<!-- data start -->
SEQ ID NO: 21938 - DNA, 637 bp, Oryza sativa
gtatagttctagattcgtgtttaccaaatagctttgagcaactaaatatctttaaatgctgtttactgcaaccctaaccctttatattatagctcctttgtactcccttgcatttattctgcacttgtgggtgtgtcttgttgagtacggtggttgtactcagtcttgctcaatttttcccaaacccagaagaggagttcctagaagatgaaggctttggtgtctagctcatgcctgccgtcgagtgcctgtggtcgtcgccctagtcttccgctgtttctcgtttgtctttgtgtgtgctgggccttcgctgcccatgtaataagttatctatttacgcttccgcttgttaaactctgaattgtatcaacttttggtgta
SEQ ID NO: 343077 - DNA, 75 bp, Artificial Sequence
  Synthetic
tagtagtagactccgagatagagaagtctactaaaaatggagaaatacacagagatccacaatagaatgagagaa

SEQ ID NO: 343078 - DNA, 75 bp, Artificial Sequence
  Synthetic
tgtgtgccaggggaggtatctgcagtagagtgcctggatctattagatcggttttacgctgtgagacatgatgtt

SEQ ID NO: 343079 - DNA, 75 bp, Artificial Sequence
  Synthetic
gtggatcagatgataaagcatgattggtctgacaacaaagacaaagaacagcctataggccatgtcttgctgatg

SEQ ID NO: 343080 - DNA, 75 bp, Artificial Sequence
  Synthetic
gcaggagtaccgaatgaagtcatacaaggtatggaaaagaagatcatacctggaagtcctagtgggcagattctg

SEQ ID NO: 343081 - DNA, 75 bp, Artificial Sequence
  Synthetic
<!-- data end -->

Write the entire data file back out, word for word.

SEQ ID NO: 21938 - DNA, 637 bp, Oryza sativa
gtatagttctagattcgtgtttaccaaatagctttgagcaactaaatatctttaaatgctgtttactgcaaccctaaccctttatattatagctcctttgtactcccttgcatttattctgcacttgtgggtgtgtcttgttgagtacggtggttgtactcagtcttgctcaatttttcccaaacccagaagaggagttcctagaagatgaaggctttggtgtctagctcatgcctgccgtcgagtgcctgtggtcgtcgccctagtcttccgctgtttctcgtttgtctttgtgtgtgctgggccttcgctgcccatgtaataagttatctatttacgcttccgcttgttaaactctgaattgtatcaacttttggtgta
SEQ ID NO: 343077 - DNA, 75 bp, Artificial Sequence
  Synthetic
tagtagtagactccgagatagagaagtctactaaaaatggagaaatacacagagatccacaatagaatgagagaa

SEQ ID NO: 343078 - DNA, 75 bp, Artificial Sequence
  Synthetic
tgtgtgccaggggaggtatctgcagtagagtgcctggatctattagatcggttttacgctgtgagacatgatgtt

SEQ ID NO: 343079 - DNA, 75 bp, Artificial Sequence
  Synthetic
gtggatcagatgataaagcatgattggtctgacaacaaagacaaagaacagcctataggccatgtcttgctgatg

SEQ ID NO: 343080 - DNA, 75 bp, Artificial Sequence
  Synthetic
gcaggagtaccgaatgaagtcatacaaggtatggaaaagaagatcatacctggaagtcctagtgggcagattctg

SEQ ID NO: 343081 - DNA, 75 bp, Artificial Sequence
  Synthetic